With the Fair Work Commission’s new annualised salary provision due to come into effect on 1 March, experts are asking whether increasing the burden on employers is really the right approach.
The Fair Work Commission’s new annualised salary provisions — which will come into effect on 1 March — will require employers under 22 modern awards to be much more stringent about overtime and record-keeping measures.
Aimed to reduce wage theft and non-compliance with awards, the following three practices will become legally enforceable for employers:
- Employers will need to notify employees in writing of their annualised salary and their maximum ordinary working hours outside of the 38-hour week.
- If an employer finds that their employee received less pay on their annualised wage agreement than if they were paid under the award, they need to pay the employee the difference. Any shortfalls must be paid to them within 14 days.
- Employers will need to keep records of the start, finish and break times of their employees.
But, Tracy Angwin, CEO of the Australian Payroll Association, has questioned whether the FWC is taking the right approach.
Ms Angwin explained that the upcoming modern award changes will hurt the culture in a lot of businesses already doing the right thing in terms of flexibility of working hours among their employees.
“Up until now, employers have been able to rely on a system of trust with their employees.
“The new annualised salary clauses in some modern awards, which will require more stringent record-keeping and overtime control measures, such as recording the start, finish and break times of employees, will completely change that. In fact, it could erode the trust between employers and their staff.”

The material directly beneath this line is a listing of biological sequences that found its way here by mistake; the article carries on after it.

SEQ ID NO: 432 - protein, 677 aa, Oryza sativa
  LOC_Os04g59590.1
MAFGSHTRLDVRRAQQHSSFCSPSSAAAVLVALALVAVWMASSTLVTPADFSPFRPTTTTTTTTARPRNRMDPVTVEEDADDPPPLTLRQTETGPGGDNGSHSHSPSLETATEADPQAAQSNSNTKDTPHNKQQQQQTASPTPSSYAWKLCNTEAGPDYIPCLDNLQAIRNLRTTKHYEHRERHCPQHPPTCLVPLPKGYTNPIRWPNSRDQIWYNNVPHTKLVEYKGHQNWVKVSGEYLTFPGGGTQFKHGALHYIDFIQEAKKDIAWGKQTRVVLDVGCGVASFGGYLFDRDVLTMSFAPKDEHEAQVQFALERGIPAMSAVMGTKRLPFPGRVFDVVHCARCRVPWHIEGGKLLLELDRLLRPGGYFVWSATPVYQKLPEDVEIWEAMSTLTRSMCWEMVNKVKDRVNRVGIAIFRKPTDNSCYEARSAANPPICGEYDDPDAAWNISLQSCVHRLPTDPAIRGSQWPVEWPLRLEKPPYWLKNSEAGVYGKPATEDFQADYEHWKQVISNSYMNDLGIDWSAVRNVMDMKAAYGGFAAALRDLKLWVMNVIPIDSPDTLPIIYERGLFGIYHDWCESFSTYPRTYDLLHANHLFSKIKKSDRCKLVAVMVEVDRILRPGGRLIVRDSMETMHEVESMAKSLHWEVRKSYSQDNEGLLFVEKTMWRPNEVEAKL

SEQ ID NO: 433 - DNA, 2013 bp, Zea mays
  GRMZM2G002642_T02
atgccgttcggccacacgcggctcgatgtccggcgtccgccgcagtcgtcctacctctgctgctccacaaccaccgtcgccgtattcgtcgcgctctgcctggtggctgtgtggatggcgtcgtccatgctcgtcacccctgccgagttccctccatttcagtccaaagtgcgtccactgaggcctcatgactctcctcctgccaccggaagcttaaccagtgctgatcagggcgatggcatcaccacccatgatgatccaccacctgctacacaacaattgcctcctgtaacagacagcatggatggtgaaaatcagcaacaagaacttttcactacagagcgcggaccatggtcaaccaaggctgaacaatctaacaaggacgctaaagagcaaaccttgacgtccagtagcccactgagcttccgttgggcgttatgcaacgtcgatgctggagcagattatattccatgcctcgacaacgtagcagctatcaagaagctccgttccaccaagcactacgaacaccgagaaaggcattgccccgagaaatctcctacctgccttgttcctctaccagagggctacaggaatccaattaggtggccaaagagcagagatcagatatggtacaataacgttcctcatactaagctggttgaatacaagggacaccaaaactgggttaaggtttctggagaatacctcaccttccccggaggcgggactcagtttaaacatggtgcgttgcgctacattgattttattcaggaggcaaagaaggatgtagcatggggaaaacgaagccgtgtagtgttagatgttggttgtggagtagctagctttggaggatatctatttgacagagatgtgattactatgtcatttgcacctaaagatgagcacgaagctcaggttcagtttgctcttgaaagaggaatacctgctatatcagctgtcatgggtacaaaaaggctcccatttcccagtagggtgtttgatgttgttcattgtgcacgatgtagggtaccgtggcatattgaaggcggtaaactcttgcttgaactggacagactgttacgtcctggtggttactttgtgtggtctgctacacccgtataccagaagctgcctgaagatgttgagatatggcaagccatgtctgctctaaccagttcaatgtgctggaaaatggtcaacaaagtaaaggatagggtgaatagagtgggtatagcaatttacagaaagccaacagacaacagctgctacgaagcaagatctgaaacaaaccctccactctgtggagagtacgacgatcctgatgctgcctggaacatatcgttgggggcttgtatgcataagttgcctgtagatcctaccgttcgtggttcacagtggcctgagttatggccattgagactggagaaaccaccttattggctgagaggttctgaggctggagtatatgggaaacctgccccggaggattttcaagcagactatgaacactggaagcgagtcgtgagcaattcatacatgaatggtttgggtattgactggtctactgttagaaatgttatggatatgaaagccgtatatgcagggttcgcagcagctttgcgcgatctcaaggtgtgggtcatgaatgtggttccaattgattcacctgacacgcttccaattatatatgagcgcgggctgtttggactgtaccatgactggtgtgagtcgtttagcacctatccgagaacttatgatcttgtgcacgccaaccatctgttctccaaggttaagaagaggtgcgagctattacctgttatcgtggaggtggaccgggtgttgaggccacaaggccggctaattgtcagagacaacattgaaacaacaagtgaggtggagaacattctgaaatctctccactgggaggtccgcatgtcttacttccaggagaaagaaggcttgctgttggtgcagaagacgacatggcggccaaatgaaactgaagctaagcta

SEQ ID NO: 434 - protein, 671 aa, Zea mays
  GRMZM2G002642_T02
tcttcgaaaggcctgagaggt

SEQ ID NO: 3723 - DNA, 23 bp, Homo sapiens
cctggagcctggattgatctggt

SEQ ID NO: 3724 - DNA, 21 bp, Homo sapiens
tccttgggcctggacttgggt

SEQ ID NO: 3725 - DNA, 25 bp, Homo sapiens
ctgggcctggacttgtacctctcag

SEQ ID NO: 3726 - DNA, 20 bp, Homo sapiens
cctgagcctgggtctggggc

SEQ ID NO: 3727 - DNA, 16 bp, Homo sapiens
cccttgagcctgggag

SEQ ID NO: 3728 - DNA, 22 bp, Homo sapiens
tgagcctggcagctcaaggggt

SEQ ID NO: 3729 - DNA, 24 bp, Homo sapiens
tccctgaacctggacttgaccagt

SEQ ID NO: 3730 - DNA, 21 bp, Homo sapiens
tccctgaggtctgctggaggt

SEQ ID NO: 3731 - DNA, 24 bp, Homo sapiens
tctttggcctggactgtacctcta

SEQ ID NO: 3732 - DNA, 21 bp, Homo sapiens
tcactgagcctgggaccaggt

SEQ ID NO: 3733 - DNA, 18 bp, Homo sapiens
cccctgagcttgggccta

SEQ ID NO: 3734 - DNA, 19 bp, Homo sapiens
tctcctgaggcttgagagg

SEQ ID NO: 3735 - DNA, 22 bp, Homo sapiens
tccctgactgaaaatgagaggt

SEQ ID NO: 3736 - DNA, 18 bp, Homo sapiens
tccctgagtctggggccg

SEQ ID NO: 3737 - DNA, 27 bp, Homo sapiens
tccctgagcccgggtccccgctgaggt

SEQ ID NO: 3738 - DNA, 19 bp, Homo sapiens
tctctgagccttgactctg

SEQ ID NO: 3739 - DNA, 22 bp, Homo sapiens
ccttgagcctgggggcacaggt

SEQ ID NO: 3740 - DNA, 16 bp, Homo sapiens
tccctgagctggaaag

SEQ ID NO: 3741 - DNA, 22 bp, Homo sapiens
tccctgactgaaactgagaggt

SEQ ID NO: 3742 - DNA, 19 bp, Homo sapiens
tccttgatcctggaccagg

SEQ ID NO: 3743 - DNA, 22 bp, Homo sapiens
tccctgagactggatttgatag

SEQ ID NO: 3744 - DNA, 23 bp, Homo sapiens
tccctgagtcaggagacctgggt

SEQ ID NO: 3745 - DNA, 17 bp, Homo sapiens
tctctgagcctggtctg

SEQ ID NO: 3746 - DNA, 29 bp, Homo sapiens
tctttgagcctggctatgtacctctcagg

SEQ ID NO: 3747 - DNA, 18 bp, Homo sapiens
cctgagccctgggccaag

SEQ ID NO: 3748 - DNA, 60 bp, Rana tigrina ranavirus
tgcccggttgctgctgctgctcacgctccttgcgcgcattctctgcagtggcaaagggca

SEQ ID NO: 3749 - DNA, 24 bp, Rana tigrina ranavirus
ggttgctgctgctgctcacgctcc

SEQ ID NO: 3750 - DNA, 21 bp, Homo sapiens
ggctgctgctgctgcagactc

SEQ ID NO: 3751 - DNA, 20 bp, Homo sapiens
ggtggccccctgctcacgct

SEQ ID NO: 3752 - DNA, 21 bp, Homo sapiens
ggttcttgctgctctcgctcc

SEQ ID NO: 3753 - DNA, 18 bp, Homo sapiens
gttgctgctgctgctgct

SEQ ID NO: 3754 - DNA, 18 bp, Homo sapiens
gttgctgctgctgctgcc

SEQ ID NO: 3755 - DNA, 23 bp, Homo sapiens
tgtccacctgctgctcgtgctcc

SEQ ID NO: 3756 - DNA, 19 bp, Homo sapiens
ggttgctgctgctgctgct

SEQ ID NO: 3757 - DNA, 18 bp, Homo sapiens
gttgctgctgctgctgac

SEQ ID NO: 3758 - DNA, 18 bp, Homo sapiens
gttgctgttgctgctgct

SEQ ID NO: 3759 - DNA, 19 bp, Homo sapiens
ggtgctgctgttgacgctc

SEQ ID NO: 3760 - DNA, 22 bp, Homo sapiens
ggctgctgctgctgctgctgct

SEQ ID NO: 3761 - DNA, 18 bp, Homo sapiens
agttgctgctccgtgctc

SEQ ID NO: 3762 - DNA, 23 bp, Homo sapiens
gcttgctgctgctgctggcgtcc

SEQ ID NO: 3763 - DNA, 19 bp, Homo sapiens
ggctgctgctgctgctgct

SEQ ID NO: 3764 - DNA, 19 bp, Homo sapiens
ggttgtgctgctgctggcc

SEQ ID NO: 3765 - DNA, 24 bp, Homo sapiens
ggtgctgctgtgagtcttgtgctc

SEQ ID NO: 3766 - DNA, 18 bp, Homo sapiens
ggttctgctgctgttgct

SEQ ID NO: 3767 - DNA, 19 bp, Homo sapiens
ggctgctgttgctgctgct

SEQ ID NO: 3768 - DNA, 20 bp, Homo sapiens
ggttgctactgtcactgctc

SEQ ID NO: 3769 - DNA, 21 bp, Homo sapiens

Ms Angwin cautioned that while payroll is one of the most complex and legislated areas of a business, legislators are increasingly creating laws without properly thinking about how employers are going to implement them.
“The 1 March changes — and their propensity to create a ‘clock-watching’ mentality among staff — are another example of this. Clearly, a common-sense approach is needed here to ensure that the intent of the legislation is in fact going to benefit each workplace environment on a practical level.”
Why are the changes happening?
Over the last few months, we have seen a string of businesses called out for doing the wrong thing.
George Calombaris, of MasterChef fame; Heston Blumenthal; Subway; and supermarket giant Woolworths are just a few big names which have been associated with significant and systemic underpayment of staff.
Just last week, Australian conglomerate Wesfarmers confessed yet again to underpaying staff, this time at its general merchandise chain Target, to the tune of $9 million, adding to the $15 million it confessed to earlier at its industrial safety business.
A few days earlier, a Sydney-based business was penalised $41,580 for deliberately underpaying two disability support workers $84,450.
In a recent article published on My Business, Nicola Martin and Kate Staude, from McCabe Curwood’s Employment Group, explained that underpayment often derives from the challenges employers face with navigating, interpreting and implementing the correct classifications for their employees.
“Complexity of the award system is a significant contributor to the underpayments issue. Unfortunately, small errors over a long period can expose employers to the risk of substantial financial penalties.”
Discussing the impending changes, Ms Martin and Ms Staude said that the new clauses could be “hugely onerous on businesses and will no doubt cause employers real challenges”.
“This not just being from the perspective of compliance, but also the risk of a cultural shift (and likely not a good one),” they cautioned.
Maja Garaca Djurdjevic is the editor of My Business.
Maja has an extensive career as a journalist across finance, business and market intelligence. Prior to joining Momentum Media, Maja spent several years unravelling social, political and economic intricacies in Eastern Europe.
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